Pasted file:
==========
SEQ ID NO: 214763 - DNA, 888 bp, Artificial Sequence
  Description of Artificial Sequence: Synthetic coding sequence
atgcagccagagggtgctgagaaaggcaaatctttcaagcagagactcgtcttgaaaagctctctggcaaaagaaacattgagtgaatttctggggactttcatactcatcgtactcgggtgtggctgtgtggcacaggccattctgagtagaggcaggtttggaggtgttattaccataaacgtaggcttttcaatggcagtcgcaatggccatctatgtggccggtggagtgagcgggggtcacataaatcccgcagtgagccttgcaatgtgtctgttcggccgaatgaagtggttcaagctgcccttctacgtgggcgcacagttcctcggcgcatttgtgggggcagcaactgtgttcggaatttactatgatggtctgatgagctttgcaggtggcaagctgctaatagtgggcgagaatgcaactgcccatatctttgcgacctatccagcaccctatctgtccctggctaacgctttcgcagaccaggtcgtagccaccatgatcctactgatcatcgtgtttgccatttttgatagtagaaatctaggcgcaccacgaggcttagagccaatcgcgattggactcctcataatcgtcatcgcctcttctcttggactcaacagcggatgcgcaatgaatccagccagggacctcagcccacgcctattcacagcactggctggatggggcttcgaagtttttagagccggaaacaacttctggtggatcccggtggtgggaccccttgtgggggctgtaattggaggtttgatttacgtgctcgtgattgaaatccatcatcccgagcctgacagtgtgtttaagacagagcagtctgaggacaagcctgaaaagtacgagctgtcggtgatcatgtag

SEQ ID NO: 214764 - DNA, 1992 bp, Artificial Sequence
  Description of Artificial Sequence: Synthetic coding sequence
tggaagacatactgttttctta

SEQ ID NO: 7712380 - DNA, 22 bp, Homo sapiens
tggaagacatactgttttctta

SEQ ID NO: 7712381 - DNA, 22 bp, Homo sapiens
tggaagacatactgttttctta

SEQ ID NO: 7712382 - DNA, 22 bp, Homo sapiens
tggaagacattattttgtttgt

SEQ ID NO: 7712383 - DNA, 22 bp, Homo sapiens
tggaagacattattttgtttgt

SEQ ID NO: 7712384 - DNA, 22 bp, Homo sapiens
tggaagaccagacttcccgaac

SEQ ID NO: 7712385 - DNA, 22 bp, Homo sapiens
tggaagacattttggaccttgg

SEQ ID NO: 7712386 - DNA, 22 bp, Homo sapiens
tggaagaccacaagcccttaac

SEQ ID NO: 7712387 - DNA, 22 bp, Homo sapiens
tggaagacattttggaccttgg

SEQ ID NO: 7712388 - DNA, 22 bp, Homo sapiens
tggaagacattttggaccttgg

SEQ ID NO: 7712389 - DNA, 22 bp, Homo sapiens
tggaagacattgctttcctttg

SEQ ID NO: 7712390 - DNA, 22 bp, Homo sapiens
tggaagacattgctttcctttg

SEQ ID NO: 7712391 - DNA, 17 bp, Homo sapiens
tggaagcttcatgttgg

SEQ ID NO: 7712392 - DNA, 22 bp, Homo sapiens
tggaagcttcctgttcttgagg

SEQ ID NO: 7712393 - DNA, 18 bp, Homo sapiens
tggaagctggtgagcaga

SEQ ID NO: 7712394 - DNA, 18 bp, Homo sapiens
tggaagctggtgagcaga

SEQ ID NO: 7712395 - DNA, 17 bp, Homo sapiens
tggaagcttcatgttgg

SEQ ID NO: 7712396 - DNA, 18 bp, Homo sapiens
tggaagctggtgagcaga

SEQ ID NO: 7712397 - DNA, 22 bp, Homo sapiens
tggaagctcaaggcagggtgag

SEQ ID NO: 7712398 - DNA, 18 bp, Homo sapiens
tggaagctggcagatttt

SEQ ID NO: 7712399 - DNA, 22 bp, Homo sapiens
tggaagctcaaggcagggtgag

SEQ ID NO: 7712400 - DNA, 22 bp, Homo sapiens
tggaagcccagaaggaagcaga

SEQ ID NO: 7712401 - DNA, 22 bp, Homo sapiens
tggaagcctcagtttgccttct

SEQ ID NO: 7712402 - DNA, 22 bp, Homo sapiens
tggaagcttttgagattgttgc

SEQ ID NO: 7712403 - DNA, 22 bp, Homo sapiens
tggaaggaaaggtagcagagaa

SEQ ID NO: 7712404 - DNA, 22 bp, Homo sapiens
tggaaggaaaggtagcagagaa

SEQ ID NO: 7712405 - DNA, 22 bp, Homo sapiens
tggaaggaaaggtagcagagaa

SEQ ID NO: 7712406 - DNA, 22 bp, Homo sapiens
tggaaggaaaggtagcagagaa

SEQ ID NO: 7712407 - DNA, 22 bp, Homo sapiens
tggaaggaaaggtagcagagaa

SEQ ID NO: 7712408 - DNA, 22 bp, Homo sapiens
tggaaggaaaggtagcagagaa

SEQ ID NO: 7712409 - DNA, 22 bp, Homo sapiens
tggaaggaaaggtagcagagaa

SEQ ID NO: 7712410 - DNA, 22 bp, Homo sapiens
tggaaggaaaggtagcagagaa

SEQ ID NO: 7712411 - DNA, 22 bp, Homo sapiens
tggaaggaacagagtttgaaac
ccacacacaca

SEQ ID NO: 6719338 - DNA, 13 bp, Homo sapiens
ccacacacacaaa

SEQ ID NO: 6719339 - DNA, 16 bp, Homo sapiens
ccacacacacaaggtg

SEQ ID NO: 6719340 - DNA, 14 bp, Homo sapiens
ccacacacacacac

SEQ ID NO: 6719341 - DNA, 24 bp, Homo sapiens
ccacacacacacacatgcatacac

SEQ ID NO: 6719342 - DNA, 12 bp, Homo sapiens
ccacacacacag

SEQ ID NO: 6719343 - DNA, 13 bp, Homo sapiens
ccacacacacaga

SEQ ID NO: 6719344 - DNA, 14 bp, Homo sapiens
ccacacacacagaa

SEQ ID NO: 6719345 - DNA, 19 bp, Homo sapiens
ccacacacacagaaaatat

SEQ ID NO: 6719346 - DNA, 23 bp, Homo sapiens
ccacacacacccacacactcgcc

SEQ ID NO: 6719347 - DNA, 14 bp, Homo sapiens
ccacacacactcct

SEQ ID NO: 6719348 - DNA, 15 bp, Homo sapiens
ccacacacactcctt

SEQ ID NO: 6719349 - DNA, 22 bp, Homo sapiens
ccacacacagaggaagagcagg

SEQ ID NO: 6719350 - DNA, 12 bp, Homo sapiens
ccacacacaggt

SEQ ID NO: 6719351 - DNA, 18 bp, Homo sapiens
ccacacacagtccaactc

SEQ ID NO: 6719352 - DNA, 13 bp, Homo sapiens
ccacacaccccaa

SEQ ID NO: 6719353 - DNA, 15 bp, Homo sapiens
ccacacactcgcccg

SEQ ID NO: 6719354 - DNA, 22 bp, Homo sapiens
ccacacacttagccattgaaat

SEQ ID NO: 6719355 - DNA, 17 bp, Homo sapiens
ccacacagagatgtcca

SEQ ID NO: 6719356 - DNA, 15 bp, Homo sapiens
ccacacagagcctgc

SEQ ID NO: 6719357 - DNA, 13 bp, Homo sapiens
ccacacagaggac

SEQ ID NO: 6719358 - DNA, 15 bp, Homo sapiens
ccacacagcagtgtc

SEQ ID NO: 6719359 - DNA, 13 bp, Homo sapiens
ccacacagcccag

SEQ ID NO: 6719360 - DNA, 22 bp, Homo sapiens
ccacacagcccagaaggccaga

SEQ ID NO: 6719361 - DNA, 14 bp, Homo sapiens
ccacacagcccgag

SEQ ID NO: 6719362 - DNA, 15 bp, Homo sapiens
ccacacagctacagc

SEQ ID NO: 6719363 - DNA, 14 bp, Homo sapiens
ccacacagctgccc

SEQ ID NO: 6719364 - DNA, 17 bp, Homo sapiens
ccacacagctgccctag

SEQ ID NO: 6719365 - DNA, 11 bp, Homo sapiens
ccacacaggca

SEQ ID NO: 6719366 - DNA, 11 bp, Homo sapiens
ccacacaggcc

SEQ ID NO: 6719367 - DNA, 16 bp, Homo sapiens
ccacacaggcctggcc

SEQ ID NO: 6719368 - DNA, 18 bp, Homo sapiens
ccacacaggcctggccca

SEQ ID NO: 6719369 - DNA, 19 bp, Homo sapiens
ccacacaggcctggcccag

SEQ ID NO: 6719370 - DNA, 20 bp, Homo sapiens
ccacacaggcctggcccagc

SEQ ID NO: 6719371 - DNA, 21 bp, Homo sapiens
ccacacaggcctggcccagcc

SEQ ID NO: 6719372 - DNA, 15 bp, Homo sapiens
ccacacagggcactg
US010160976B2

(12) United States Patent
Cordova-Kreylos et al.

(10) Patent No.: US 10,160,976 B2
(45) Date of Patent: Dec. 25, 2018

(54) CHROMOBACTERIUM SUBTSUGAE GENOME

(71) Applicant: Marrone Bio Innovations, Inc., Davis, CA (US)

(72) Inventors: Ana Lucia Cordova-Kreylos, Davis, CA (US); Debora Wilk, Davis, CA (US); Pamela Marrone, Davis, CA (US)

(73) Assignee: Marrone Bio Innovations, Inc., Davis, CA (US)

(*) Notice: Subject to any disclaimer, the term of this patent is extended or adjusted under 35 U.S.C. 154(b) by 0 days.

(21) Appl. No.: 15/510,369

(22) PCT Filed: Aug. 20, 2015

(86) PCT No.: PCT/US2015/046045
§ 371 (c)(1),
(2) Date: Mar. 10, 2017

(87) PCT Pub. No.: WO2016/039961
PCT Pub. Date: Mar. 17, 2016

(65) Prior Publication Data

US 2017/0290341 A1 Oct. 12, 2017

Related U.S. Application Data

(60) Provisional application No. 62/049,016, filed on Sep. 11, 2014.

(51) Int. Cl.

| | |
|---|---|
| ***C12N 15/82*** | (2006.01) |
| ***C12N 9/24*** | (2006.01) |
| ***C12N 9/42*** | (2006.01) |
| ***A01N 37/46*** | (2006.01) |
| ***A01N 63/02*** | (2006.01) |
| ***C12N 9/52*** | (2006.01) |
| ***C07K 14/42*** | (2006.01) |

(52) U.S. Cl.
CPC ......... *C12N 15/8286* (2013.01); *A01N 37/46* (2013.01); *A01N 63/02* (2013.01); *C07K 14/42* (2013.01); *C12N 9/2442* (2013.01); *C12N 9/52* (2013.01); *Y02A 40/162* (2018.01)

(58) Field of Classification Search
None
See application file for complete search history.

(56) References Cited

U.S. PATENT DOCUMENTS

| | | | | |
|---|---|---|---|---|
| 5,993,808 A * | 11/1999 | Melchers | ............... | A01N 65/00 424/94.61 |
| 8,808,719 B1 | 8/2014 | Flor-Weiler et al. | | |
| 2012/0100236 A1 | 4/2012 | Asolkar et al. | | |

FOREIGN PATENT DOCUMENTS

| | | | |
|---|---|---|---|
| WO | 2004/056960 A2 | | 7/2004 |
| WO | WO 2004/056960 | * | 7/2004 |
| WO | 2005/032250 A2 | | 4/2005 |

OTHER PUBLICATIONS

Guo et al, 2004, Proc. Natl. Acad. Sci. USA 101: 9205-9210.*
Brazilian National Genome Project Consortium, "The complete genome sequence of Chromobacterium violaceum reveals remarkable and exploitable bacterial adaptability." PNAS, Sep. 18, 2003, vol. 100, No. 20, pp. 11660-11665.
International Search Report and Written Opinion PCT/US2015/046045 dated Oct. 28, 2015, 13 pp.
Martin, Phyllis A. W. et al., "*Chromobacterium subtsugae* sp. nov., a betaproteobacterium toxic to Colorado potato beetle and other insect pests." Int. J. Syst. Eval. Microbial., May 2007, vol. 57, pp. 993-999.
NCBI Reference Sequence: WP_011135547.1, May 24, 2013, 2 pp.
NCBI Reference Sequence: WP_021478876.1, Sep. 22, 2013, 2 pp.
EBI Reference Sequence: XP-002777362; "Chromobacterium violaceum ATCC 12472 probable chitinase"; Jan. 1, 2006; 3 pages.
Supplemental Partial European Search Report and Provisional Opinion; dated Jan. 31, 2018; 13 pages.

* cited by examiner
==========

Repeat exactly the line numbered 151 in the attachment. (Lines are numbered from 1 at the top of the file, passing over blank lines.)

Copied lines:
(*) Notice: Subject to any disclaimer, the term of this patent is extended or adjusted under 35 U.S.C. 154(b) by 0 days.